St. Paul: A big small victory for religious freedom!

In my native place, more anti-Christian news, but with a small victory:

City of St. Paul stops fighting statue of Jesus atop bluff
by Bill Keller

ST. PAUL, Minn. (KMSP)

See Video HERE [Watch.  This man is an inspiration.]

There’s a marble statue of Jesus standing 17 feet tall on top of a Mississippi River bluff overlooking downtown St. Paul, and the owner says it’s there to stay now that the city has stopped fighting it.
“I’m very happy,” Tuan Pham said.
Pham told FOX 9 News he won his battle with the City of St. Paul after years of struggling over the 4-ton statue. The stony stalemate began with an anonymous complaint in 2011.
Pham bought his home in 2007 after emigrating from Vietnam with his wife and 10 children in 1980. He commissioned the statue as a replica of the 105-foot Christ of Vung Tao statue in his native country.
Initially, the city asked Pham to remove the statue because of its proximity to the edge of the bluff. They also denied his appeal because an ordinance required a 40-foot setback from the edge of the bluff.
Yet, comments made by one City Council member about religious statues on the bluff were what set the stage for a civil rights lawsuit.
“In our view, this case wasn’t about bluff setback,” explained James Magnuson, of Mohrman & Kaardal. “This case was about the right for a citizen to worship as he chose.”
So after losing his first fight with City Hall, Pham called upon a higher power – the U.S. Constitution.
Fundamentally, we think this is a case about religious liberty,” Magnuson said. “Tuan Pham was a man who escaped religious persecution in Vietnam and he came to this country, as he says, ‘to build a better life based on ability to exercise his religion freely.'”
With legal help from the Alliance Defending Freedom, Pham ultimately settled with the city without going to court. In fact, Pham was so excited he even had the settlement agreement bronzed to confirm the statue will stay for years to come. [I love this guy!]
“My reaction was, ‘Thank God,'” he said. “Here in the free country — no matter how big you are, how small I am, how rich you are, how poor I am — we have equal treatment.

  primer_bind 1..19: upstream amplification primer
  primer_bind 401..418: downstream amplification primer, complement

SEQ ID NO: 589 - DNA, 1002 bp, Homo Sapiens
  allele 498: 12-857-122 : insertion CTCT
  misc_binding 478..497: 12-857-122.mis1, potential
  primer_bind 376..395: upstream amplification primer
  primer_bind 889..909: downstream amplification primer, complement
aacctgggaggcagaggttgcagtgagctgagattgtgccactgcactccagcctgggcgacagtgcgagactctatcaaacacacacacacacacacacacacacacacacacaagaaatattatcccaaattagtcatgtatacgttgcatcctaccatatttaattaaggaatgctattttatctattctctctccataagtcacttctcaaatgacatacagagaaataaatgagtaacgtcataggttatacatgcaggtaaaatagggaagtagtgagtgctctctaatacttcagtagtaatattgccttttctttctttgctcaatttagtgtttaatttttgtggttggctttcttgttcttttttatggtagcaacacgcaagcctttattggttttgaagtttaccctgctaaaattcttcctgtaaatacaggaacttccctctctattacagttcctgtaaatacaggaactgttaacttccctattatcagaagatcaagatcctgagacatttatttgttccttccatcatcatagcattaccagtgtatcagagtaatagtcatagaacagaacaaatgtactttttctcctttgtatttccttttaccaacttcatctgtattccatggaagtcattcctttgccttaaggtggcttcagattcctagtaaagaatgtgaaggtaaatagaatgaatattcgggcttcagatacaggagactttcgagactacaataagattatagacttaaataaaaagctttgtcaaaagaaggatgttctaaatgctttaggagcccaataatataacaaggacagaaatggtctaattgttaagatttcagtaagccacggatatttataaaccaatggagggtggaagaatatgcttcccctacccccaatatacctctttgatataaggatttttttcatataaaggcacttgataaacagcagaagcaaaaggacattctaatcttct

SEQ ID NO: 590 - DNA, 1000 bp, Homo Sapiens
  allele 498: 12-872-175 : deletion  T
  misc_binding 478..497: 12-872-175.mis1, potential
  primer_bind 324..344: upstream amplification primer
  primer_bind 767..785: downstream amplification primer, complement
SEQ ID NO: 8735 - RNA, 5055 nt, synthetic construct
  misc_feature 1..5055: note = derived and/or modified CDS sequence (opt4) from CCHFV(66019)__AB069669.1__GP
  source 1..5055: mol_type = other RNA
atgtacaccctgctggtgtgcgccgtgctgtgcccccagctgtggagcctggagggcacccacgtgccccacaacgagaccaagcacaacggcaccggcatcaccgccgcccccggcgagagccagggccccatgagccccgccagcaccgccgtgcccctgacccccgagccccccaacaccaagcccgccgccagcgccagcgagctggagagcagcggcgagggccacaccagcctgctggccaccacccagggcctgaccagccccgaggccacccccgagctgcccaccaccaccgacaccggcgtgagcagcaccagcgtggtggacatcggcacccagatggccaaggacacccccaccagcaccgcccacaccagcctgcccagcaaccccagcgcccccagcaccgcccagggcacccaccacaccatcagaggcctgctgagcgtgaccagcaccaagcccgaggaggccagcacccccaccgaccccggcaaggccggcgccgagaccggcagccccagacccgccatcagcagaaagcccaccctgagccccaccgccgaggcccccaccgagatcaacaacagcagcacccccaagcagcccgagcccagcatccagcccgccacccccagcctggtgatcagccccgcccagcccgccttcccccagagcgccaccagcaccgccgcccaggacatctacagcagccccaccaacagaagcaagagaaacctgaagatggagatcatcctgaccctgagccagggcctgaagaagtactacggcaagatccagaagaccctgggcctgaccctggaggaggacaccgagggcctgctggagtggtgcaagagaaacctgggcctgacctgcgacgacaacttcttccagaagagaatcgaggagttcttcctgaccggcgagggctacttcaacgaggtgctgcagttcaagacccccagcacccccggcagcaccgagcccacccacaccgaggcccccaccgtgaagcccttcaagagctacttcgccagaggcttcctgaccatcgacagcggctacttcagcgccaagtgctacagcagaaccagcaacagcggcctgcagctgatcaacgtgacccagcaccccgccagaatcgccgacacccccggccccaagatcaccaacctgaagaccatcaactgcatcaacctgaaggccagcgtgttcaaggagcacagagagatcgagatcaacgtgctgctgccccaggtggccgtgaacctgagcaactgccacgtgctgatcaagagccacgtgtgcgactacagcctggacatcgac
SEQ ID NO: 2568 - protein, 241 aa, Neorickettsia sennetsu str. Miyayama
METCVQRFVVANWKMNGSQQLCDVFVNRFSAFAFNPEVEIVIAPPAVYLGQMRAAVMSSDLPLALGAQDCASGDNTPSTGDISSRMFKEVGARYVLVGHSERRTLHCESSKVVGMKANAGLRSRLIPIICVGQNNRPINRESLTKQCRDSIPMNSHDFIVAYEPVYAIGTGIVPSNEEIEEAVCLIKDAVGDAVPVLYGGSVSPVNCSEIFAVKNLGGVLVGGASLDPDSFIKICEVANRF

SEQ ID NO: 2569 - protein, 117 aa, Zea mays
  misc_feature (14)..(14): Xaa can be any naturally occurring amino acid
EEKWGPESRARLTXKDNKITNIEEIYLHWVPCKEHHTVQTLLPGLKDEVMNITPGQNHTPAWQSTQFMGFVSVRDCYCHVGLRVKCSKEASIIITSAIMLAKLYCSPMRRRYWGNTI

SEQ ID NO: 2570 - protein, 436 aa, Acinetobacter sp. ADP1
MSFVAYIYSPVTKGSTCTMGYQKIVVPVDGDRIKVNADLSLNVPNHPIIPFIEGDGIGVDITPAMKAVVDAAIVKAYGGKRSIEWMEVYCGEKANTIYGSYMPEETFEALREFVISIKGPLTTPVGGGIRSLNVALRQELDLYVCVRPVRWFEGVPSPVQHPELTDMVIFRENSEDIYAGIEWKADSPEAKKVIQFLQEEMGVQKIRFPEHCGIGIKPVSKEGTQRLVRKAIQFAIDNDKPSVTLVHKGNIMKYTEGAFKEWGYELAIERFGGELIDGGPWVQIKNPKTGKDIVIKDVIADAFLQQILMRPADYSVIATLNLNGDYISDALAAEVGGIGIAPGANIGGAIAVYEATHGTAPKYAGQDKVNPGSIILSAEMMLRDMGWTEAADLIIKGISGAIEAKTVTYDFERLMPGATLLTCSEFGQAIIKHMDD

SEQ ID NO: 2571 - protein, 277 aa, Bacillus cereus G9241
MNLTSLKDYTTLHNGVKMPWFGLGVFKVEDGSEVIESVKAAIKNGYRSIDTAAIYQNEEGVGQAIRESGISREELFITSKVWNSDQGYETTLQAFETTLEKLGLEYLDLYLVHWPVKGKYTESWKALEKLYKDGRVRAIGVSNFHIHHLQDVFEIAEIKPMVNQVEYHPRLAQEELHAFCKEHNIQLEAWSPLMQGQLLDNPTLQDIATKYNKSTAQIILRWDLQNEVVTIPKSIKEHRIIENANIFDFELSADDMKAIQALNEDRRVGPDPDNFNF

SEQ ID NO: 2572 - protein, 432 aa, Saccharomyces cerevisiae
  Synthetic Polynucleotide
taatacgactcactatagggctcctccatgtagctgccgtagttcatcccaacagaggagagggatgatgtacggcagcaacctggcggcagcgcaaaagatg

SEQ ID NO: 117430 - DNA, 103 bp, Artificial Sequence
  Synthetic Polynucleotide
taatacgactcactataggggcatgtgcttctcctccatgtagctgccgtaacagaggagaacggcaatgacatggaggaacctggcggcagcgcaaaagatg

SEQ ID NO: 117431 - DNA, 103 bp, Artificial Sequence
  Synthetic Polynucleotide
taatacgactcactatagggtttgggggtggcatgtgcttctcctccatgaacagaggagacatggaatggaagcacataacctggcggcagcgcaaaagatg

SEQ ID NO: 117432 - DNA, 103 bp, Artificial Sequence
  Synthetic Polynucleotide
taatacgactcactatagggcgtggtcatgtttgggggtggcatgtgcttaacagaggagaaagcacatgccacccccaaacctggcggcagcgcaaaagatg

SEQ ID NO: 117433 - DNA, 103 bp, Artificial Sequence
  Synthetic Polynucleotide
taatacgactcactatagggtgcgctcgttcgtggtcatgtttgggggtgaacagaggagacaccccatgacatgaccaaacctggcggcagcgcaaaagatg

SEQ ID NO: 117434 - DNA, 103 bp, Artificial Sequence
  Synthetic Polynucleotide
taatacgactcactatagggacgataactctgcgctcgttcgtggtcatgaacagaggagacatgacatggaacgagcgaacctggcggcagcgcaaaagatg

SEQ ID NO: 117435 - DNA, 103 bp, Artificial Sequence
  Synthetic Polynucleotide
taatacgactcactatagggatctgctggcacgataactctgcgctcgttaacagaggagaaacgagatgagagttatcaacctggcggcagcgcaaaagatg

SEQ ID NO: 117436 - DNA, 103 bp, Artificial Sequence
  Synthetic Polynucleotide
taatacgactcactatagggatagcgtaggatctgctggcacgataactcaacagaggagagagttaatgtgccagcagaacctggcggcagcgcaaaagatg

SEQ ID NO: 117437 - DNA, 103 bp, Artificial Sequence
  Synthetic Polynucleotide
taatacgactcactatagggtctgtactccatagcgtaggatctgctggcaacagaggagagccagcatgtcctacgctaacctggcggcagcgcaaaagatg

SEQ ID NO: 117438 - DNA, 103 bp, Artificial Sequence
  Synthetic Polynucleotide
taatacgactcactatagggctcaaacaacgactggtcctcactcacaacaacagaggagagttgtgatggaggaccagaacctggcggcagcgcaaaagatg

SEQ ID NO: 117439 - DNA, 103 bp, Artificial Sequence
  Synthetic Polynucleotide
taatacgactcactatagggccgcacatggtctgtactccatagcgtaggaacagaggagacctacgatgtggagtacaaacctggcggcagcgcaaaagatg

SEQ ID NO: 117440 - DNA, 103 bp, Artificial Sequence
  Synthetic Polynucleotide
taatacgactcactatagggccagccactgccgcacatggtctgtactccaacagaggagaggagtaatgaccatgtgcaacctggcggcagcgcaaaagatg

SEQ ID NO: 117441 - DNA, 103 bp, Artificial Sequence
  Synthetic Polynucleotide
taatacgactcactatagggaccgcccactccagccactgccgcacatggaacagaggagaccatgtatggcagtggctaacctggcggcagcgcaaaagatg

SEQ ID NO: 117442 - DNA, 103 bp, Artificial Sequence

Yet even as he struggled with the city, Pham also had to deal with an arsonist who damaged the statue by piling wood around the base and setting it alight in April 2012. While the statue escaped with a few streaks of soot and discoloration, the family was very shaken by the brazen vandal being on their property. The statue has since been restored and Pham said it looks “like new.”

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  1. JamesA says:

    What an inspiring story. I find myself being proud and ashamed of my country at the same time. How long will we have these freedoms ? God help us.

  2. ladytatslace says:

    Yes! one small step for Religious freedom. Let’s hope there are more of them.

  3. tjg says:

    I find myself being proud and ashamed of my country at the same time.

    JamesA – agreed

  4. Suburbanbanshee says:

    What kind of arrant busybody tries to tell a man he can’t have a statue on his own lawn? What, aren’t normal zoning laws bad enough, so now we have to offend against people’s constitutional rights too?

    The city and the city government of St. Paul should be darned grateful that this great American man fought their stupid, self-enslaving government overreach.

  5. Bruce Wayne says:

    I have been to Vung Tau (name spelled incorrectly in that news report) and seen the original Pham based his statue on. It is worth checking out on the web and is a very nice beach town. Actually, having large Marian and Christ statues prominently displayed on one’s rooftop, on balconies or in one’s yard is a common feature of the Vietnamese landscape, urban and rural. Vietnamese piety has been very inspirational to me personally (helped lead me to my wife in fact), and always reminds me of two things:

    First, the glorious achievements of the Jesuit order in its early modern missionary work which all contemporary Jesuits should immerse themselves in understanding, and then seek to recapture that same zeal so as to revitalize their Order.

    Second, that Catholicism is not a religion of or for the “comfortable” but for the bearing of crosses along with Christ on the Via Dolorosa. The Vietnamese government still, from time to time, engages in bodily attacks on even elderly men and women worshiping or processing at Catholic Churches. It often jails priests or other Catholics as “political enemies” and always pushes an anti-Catholic agenda replete with calumny in its state-controlled propaganda machine (the media). And yet every single Mass on a Sunday starting at 4 a.m. is packed to overflowing, which usually means over 600 strong. American Catholics will have to (re)learn this lesson soon enough.

    By the way, although there is not a single EF mass in the country I can say that their Novus Ordo liturgies blow away the typical suburban American parish in terms of dignity and reverence both in the liturgy as well as the conduct of the faithful.

  6. Facta Non Verba says:

    The firm that represented Mr. Pham is the same firm representing many (all?) of the various Minnesota plaintiffs challenging the HHS mandate. They are good guys.

  7. robtbrown says:

    In other news, ESPN presented its list of the top NFL coaches. Four of the top five–Lombardi, Shula, Halas, and Noll–Catholic. Bill Walsh filled out the five, and he became Catholic a few years before his death.

    Of course, Lombardi went to daily mass (also Shula) and said his Rosary every day.

  8. Supertradmum says:

    Great witness to truth and common sense.

    Suburbanbanshee, there are some neighbourhoods where one cannot have religious statues in front yards or clotheslines in back yards–too many laws like that in the States.

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